While the frequently used with and similar to sections are auto-generated to begin with, admins will have the option to update those sections as well. Like for instance, if they wanted to draw attention to a complimentary component they think users should be aware of when using a specific component like asset id, in this case, they can search for an add that to the always include list. The new component will take the place of one of the components that’s auto-generated and already on the list. Likewise, if they wanted to exclude a component, like for instance occurrences, 'cause it’s not that valuable, the admin can decide to always exclude such components from the frequently used with list.
They can make changes to the similar to section as well. Like for instance, if they wanted users to be aware of a similar component that could potentially be better suited for their analysis, they can go ahead and include that in this section. For instance, if the admins are aware that users frequently are confused between an asset ID and a component called, say, a display campaign id, they can add the display campaign ID component under similar to. This would then appear in the info icon for the component in workspace, and users will hopefully make a more informed choice after looking at the dictionary entries for both and deciding that what they had in mind was not what they selected, but instead, one of the components listed under the similar to section.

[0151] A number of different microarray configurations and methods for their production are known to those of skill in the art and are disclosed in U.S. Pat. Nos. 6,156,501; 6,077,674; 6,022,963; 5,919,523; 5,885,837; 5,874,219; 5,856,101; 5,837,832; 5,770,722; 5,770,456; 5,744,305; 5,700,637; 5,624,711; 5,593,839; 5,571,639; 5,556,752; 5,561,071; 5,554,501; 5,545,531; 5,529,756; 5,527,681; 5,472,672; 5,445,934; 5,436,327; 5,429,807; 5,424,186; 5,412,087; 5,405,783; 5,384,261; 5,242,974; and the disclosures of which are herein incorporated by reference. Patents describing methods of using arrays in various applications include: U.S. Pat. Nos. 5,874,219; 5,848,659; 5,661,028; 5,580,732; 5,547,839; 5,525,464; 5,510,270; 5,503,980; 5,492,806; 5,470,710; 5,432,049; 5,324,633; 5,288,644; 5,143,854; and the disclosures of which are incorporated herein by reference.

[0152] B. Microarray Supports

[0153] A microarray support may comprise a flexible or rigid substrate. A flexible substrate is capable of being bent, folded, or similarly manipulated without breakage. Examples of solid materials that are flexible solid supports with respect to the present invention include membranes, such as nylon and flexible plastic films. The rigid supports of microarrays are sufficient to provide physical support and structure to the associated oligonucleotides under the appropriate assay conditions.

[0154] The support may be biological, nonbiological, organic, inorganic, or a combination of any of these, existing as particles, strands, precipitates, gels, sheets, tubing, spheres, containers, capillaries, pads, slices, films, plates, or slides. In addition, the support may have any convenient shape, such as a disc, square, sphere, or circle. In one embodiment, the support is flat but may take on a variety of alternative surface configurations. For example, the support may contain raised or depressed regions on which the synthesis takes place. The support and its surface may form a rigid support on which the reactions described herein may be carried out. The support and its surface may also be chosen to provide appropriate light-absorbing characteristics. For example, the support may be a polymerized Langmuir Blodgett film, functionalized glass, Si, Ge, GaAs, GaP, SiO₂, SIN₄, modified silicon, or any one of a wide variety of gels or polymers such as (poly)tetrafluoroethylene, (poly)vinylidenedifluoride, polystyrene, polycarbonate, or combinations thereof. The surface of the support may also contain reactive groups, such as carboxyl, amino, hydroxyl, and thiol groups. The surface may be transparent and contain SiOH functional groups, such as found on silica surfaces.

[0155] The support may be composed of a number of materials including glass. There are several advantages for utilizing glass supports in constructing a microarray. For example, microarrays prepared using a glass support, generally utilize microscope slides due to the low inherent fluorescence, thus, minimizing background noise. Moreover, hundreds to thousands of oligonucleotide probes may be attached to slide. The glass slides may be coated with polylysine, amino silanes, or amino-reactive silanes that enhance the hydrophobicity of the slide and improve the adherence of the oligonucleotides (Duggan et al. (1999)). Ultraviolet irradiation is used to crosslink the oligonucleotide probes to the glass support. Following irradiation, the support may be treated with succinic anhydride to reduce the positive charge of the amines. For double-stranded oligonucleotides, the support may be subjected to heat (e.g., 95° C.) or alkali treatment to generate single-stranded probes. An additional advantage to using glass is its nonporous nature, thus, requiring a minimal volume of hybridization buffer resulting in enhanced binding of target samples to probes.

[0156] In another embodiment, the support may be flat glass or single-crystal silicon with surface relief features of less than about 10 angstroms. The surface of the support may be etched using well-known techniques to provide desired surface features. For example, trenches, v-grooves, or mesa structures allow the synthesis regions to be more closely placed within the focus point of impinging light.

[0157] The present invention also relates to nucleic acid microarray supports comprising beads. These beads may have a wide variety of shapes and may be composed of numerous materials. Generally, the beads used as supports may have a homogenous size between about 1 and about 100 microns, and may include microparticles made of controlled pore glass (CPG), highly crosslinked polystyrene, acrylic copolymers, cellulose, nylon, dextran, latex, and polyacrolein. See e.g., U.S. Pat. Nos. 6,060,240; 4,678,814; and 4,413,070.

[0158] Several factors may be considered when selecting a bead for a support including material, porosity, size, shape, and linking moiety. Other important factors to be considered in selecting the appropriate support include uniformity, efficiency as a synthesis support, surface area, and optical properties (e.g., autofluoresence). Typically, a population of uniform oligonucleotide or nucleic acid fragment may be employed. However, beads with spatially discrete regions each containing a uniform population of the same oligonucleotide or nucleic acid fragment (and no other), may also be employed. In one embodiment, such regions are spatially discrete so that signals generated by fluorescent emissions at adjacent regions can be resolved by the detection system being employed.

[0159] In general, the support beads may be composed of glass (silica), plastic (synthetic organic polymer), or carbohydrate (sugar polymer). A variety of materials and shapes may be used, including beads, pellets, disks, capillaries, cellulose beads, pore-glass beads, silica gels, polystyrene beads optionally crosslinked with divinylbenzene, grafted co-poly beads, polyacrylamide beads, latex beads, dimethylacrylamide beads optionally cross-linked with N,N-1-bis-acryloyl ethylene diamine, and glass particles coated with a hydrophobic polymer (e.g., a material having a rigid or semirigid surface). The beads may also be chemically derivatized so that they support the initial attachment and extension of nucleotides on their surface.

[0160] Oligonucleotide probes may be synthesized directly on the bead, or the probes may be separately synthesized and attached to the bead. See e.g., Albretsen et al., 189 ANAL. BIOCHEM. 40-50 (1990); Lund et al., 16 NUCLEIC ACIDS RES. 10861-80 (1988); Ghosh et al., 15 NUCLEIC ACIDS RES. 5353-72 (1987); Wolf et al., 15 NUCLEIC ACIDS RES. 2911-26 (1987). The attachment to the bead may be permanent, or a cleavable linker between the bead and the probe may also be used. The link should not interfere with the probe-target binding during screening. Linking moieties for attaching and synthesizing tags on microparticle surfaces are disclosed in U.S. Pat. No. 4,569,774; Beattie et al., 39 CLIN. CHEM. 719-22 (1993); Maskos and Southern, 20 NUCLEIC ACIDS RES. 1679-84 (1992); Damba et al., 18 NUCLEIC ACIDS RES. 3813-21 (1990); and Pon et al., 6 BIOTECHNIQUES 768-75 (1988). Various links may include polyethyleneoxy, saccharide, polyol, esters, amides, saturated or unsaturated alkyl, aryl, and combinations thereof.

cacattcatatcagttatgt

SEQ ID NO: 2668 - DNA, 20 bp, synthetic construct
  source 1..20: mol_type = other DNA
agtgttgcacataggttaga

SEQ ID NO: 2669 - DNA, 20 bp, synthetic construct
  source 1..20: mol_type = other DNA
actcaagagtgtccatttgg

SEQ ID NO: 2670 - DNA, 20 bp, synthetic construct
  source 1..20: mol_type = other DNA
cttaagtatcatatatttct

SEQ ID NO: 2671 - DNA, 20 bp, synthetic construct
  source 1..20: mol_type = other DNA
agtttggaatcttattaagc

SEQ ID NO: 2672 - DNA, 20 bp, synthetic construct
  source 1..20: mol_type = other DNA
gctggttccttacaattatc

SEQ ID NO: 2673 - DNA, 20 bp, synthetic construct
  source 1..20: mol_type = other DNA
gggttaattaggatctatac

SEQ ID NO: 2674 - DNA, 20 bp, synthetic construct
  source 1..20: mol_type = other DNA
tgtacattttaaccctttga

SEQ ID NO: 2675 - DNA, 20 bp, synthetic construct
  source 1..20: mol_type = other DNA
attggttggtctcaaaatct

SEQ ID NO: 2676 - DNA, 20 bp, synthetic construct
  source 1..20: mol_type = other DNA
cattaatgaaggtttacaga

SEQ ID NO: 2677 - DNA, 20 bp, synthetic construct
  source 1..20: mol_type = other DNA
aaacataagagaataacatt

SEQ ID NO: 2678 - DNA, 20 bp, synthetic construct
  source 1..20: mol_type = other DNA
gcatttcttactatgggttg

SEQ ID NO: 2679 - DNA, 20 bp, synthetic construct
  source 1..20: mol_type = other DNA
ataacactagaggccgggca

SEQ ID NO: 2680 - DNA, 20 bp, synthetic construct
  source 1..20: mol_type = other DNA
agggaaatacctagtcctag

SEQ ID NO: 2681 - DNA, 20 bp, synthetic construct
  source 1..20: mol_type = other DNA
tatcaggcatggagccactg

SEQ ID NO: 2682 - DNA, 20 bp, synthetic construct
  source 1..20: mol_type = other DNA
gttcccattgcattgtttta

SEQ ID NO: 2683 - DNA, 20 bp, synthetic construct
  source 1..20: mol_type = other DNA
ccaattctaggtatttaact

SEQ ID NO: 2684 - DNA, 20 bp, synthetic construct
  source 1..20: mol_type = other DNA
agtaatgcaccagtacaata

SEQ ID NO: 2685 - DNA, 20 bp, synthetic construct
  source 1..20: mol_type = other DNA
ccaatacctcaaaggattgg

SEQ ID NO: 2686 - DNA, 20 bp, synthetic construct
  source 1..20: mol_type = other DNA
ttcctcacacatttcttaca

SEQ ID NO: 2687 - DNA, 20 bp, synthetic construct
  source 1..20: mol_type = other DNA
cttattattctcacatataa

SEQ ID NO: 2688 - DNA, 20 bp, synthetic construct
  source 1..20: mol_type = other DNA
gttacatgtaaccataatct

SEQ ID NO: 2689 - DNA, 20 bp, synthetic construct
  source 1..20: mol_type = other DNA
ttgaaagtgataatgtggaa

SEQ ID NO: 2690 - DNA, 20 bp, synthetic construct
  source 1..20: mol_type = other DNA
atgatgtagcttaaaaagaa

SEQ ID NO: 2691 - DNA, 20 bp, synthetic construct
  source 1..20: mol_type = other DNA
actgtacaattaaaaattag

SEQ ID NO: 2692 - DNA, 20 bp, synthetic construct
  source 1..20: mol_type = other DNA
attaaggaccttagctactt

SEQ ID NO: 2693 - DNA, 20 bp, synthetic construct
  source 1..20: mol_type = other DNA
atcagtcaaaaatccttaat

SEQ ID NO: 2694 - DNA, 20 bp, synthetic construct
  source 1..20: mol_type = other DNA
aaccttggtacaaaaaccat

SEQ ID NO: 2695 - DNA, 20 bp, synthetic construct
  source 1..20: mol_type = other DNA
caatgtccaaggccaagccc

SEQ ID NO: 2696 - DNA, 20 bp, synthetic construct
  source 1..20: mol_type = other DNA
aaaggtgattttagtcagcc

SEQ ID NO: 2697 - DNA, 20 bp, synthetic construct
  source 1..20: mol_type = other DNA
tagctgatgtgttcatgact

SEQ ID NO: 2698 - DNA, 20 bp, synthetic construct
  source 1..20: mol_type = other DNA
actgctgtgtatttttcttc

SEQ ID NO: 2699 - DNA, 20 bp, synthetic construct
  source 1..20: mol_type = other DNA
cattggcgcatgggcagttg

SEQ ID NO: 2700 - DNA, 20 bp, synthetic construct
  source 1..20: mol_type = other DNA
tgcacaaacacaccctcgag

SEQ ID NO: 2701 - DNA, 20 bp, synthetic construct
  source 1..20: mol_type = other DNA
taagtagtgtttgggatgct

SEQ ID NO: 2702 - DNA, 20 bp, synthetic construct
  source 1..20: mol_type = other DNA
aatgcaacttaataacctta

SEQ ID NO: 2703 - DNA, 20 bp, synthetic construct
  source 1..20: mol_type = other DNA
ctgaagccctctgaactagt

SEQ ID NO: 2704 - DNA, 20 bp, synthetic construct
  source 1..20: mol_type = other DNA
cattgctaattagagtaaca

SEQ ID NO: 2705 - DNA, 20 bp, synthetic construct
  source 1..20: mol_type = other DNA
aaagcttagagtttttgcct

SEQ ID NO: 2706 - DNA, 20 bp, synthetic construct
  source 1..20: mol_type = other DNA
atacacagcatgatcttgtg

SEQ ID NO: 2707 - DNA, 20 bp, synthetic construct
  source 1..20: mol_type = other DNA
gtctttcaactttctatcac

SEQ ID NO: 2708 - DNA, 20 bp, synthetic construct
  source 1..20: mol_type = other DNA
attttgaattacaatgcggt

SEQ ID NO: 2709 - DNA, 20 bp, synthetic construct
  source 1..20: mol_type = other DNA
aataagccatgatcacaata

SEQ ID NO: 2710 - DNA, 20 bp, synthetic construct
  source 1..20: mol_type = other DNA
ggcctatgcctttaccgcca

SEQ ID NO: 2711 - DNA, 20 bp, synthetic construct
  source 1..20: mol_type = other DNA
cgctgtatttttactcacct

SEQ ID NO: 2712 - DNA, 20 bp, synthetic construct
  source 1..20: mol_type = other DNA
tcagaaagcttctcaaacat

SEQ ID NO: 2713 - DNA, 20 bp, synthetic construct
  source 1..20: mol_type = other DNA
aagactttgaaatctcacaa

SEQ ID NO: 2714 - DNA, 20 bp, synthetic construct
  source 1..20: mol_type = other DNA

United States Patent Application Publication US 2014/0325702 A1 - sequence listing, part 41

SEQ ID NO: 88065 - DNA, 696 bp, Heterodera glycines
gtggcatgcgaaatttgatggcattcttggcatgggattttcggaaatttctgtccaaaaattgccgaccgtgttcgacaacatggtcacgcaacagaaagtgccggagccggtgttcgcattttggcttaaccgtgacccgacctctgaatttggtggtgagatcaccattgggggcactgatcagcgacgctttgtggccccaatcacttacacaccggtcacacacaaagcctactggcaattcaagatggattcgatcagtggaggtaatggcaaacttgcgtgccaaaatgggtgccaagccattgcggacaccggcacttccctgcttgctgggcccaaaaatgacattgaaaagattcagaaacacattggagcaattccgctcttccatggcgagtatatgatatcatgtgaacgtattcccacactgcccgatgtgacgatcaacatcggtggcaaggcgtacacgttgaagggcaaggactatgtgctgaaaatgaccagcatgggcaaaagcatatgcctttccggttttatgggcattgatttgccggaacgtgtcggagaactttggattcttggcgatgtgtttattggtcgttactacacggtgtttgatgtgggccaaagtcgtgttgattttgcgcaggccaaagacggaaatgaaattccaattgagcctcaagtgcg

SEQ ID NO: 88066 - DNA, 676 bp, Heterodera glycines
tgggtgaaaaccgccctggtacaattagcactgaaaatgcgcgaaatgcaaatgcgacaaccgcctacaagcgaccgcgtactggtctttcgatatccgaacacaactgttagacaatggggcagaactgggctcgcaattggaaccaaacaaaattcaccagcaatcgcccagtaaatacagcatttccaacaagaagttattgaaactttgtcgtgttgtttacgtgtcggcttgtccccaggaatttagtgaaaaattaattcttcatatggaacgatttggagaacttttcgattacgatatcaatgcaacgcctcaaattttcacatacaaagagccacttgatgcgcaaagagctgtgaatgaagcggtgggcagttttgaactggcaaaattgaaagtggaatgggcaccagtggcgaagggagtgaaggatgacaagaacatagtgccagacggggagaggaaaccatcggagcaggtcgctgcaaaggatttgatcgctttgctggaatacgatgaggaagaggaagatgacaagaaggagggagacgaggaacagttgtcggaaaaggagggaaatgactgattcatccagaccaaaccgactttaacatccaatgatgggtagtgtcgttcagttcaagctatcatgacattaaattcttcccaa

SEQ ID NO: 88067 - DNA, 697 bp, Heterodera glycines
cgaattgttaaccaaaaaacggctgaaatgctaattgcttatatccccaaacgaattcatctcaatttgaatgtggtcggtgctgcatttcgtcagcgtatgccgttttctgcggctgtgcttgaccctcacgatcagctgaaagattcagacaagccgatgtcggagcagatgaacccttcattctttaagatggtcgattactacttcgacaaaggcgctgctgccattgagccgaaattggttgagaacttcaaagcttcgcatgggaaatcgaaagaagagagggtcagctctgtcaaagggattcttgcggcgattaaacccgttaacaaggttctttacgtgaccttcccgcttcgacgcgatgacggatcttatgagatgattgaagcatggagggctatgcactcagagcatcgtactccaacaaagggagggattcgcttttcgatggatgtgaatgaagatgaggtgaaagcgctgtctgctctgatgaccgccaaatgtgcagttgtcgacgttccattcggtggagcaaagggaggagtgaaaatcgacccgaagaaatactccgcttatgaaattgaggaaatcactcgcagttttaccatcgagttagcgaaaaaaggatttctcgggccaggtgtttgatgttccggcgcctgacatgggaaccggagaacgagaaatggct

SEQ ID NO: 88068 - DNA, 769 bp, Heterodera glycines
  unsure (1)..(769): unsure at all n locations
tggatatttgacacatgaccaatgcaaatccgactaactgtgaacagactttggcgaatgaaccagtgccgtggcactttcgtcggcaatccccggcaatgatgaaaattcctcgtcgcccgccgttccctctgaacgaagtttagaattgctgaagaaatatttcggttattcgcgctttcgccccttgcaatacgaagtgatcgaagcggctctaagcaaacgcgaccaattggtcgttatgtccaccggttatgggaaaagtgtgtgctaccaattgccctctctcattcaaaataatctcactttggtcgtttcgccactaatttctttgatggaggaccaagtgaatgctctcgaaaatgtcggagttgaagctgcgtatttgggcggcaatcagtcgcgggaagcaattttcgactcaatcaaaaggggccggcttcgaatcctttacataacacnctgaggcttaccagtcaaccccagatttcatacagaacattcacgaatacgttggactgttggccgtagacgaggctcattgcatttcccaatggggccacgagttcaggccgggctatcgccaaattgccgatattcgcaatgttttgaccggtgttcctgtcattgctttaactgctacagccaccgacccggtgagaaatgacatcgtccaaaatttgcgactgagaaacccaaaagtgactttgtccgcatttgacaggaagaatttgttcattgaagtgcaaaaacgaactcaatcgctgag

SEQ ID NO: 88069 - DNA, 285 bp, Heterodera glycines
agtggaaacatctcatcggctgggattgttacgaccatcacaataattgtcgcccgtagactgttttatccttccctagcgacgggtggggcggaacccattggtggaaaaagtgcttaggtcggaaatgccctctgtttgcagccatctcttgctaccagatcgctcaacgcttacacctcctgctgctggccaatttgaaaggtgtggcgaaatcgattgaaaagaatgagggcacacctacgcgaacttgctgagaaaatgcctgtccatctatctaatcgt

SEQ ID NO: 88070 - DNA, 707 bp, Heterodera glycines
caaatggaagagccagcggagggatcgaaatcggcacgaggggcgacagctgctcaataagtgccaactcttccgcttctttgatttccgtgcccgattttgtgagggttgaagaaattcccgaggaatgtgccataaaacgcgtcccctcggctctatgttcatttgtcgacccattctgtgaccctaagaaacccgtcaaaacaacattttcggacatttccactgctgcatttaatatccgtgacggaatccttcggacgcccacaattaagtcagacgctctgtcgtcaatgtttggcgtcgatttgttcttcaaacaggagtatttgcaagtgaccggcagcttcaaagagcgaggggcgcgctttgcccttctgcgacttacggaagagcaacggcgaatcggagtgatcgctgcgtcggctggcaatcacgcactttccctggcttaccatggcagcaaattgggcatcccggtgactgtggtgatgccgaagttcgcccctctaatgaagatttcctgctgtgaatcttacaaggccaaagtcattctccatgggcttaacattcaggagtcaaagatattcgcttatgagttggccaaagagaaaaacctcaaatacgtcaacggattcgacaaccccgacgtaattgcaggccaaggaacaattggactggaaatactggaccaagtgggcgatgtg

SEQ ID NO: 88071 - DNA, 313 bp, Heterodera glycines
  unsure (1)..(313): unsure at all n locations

They can save the component and have those changes reflect in the info icon in workspace, as well as the entry for that component in the data dictionary.
Also, a couple of actions we are exploring for a future edition of the dictionary, are the ability to rename components, as well as delete or modify them all without having to leave the dictionary.
So that is the data dictionary. This is only possible given all the feedback we get from users. So please keep that coming as always. Thank you so much.
For more information, please visit the documentation.